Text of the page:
Veteran performers shine at Sinag Maynila festival
Veteran performers took the lead in the acting categories of the second Sinag Maynila film festival awards ceremony held at Samsung Hall of SM Aura in Taguig on Sunday.
Screen luminary Elizabeth Oropesa won best actress for her portrayal of a lonely mother who lives in a house standing on a fault line in Adolfo Alix Jr.’s “Mrs.”
Seasoned character player Alvin Anson won his first best actor trophy for playing a hit man on the verge of retirement in Ato Bautista’s “Expressway.”
Anson, who has been in the movies for the past 20 years, told the Inquirer that he is dedicating his “unexpected” win to “family and friends”—mainly, his two daughters (ages 17 and 16) and older sister, industry stalwart Boots Anson-Roa, “who has been supporting and guiding me all these years.”
Anson, who has appeared in more than 60 films since 1996, said that “Expressway” is particularly close to his heart. “The script was originally for the late action star Rudy Fernandez and his son Mark Anthony Fernandez. I often acted as contravida or sidekick in Rudy’s movies.”
Anson had so much faith in the project that he “waived a huge chunk” of his talent fee and acted as the film’s producer. “This film is special because of the process… the journey I took with Direk Ato and [costar] Aljur [Abrenica].”
“Expressway” also won best editing for Benjamin Tolentino and musical score for Francis de Veyra.
Oropesa, for her part, is hardly a first-timer when it comes to winning awards. “But my last best actress win was in 2000,” she told the Inquirer. That was for Joel Lamangan’s “Bulaklak ng Maynila,” for which she scored a rare grand slam, winning best actress in all the award-giving bodies that year.
Still, this new award is significant to her, she said, because it proves that “age doesn’t matter” when it comes to acting.
“I’m already old. Films like ‘Mrs.’ don’t come my way every day. Local movies often focus on the youth,” she pointed out. “In the United States and Europe, people value experience.”
Oropesa’s vast experience in the movies is nothing to scoff at—being an active participant in the second golden age of Philippine cinema, collaborating with National Artists Ishmael Bernal (“Nunal sa Tubig”) and Eddie Romero (“Aguila”) in the 1970s and 1980s.
Working with the best instilled discipline in her, she remarked. “Also, we defer to the senior actors… When I worked with Charito Solis, nakayuko ako (my head was bowed) as a sign of respect, even though I had already won best actress that time.”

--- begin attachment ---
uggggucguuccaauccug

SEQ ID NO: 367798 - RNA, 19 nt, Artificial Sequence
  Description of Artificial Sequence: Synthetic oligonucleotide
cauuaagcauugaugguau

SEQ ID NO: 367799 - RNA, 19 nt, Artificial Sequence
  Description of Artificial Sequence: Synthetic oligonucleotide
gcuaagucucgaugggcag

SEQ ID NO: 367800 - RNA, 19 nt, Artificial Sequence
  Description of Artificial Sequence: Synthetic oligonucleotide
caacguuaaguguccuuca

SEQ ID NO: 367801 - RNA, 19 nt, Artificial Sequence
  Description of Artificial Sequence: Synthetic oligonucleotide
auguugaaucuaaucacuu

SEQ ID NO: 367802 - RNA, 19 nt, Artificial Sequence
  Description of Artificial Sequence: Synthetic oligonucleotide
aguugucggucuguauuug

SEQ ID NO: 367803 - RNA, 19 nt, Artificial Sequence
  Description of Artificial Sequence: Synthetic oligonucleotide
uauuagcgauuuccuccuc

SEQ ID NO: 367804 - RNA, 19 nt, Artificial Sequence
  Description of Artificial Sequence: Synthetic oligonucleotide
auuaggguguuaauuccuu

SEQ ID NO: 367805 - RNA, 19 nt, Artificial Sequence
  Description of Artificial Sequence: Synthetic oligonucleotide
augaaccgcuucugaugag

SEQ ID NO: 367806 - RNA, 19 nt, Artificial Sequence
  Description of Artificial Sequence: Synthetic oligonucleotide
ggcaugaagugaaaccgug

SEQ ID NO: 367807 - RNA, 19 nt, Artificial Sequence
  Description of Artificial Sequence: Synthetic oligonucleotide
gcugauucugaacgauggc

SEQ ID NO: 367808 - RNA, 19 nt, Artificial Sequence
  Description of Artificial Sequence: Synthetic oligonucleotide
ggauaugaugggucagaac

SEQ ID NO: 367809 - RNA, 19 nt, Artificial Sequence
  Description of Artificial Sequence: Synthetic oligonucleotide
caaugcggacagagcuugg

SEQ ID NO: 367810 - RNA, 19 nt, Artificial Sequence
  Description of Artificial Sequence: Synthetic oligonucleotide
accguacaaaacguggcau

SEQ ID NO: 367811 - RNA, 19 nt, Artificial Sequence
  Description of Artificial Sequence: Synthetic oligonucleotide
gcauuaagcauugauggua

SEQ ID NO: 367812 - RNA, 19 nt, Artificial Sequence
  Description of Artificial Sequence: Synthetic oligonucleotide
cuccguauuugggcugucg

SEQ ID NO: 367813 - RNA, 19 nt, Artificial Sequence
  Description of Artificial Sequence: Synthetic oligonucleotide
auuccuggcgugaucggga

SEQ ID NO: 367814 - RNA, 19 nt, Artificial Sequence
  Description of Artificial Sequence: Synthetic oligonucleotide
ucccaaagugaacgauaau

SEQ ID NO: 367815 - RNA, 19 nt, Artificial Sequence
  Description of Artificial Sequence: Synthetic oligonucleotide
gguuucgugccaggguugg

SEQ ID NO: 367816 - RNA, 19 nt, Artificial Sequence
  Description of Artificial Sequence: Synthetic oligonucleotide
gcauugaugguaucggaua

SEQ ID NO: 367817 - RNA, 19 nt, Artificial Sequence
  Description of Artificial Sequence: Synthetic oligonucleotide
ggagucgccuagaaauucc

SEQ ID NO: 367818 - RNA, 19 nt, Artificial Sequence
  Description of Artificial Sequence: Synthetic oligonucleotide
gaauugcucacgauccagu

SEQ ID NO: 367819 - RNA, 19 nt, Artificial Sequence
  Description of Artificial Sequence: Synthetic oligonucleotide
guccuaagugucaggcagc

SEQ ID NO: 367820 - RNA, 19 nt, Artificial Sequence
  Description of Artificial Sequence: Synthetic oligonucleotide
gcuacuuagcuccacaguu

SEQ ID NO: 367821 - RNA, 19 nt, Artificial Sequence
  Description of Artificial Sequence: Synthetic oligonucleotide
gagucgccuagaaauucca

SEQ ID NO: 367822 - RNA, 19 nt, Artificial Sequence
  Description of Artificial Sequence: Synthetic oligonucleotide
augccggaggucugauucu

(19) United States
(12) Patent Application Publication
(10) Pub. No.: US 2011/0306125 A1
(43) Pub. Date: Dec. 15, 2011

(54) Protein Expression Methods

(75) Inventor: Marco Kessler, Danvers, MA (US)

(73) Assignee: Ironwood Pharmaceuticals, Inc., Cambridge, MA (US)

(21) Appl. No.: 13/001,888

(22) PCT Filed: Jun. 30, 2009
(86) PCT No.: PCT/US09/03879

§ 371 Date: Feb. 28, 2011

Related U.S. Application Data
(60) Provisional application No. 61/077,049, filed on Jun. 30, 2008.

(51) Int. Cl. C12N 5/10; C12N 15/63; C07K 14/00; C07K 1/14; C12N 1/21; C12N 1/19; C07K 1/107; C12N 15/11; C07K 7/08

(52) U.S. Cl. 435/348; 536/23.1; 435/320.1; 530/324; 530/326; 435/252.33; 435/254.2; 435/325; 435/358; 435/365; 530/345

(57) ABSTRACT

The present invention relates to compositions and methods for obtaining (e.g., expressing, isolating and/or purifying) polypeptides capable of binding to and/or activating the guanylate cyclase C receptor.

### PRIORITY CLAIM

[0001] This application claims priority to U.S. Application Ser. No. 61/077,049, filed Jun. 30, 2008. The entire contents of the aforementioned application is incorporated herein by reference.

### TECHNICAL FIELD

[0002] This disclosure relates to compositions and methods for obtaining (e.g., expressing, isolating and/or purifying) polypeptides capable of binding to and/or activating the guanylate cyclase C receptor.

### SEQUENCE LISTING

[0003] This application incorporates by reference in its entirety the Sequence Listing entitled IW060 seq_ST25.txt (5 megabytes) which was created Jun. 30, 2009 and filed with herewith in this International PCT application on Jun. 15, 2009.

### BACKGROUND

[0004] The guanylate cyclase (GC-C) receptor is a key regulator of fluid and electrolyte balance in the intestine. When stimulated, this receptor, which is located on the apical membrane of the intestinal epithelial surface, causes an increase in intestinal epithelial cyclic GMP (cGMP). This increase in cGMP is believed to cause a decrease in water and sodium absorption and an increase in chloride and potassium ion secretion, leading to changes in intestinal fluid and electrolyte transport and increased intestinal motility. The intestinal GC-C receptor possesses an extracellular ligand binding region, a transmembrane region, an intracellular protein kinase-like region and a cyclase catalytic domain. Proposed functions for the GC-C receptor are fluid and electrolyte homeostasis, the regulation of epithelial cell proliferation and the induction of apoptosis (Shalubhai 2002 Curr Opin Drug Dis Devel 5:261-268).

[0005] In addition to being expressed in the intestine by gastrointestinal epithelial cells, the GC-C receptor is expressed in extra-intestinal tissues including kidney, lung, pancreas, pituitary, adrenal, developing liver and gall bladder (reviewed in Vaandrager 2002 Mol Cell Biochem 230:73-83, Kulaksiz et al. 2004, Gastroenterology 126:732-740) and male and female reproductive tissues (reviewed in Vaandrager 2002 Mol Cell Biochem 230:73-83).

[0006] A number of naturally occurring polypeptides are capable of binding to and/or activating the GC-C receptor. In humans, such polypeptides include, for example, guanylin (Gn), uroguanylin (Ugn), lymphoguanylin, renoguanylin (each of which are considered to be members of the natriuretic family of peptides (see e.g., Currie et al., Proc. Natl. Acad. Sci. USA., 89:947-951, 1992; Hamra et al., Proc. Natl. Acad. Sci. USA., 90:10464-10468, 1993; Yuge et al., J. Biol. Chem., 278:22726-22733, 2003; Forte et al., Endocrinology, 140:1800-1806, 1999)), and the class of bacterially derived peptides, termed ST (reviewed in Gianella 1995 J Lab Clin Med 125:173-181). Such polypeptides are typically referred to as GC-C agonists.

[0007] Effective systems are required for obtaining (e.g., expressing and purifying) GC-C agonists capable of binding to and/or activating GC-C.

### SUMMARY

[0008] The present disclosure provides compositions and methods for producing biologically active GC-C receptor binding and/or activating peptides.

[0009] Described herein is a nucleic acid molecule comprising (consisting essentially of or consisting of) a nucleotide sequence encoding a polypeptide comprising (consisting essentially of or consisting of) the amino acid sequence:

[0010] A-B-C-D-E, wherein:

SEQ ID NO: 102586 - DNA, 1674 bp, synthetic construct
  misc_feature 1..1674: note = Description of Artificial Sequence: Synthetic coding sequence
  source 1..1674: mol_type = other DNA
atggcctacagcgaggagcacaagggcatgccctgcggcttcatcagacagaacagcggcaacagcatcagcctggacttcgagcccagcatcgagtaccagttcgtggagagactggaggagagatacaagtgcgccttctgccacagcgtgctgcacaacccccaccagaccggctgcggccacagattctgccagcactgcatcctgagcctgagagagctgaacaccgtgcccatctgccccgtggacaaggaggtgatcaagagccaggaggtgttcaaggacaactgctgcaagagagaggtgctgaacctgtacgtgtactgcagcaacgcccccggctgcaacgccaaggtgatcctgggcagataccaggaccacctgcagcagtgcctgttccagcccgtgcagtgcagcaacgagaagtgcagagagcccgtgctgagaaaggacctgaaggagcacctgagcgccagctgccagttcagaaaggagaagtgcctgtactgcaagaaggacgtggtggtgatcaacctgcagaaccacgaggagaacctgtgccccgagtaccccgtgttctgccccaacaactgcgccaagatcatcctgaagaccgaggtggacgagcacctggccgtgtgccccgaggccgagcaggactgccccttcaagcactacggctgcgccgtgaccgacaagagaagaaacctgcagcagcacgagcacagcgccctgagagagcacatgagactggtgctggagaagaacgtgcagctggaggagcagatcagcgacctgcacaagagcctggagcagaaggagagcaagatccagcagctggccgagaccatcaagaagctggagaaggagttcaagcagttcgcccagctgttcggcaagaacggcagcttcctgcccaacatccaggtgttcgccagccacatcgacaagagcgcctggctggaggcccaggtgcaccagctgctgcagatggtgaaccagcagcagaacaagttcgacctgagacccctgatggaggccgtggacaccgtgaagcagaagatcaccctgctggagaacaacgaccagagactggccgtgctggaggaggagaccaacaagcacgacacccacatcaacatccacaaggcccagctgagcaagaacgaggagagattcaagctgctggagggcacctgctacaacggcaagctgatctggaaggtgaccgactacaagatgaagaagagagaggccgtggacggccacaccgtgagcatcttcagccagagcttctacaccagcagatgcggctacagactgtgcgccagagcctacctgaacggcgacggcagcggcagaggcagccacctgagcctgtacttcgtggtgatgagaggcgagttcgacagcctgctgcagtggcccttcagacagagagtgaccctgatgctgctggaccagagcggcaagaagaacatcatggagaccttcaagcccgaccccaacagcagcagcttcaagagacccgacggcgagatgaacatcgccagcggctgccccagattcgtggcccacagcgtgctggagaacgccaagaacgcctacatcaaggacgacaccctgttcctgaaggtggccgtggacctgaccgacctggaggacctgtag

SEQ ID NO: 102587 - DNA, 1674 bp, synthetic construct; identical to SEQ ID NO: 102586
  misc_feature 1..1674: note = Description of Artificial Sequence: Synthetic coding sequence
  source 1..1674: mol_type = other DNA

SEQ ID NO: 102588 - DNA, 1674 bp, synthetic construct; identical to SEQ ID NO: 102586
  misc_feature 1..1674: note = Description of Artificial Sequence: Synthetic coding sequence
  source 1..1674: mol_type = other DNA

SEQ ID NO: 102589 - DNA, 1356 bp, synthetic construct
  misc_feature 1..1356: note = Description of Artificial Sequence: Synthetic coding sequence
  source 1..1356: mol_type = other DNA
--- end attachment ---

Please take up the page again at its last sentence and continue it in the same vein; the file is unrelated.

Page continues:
She shares her triumph with costar Lotlot de Leon. “It’s important to have good chemistry with your coworker. I’m lucky to have Lotlot as my scene partner.”
She is elated to work with the new breed of filmmakers from the indie scene—especially Alix. “Adolfo is amazing. Indie filmmakers, like Brillante Ma. Mendoza and Lav Diaz, show the world how good Filipinos are as artists,” she said.
Mendoza is founder of Sinag Maynila, while Diaz is part of the jury in the full-length film section, along with foreign festival programmers Roger Garcia, Philip Chea and Kenji Ishizaka.
Jury head Diaz praised the entries as uniformly “good… you can sense maturity in their handling of form and content.”
Diaz said of Oropesa: “Her portrayal was pure oro. Gold!” Diaz also commended Anson’s “subtle and nuanced handling of his character.”
Apart from best actress, “Mrs.” also won best director for Alix, best cinematography for Albert Banzon and best film.
Said Alix: “Sinag Maynila gives directors the freedom to realize their vision. I am thankful to the jury for these honors.”
Best sound went to Drew Millalos for Jay Altarejos’ “TPO,” which also won best screenplay for Altarejos and Archie del Mundo.
Gino M. Santos’ “Lila” won best production design for Marielle Hizon. “Lila” was also declared the fest’s topgrosser and winner of the SM People’s Choice Award.
Cofounder Wilson Tieng said all the winners were deserving. Mendoza said the fest will include new sections, animation and documentaries, in its third edition next year.
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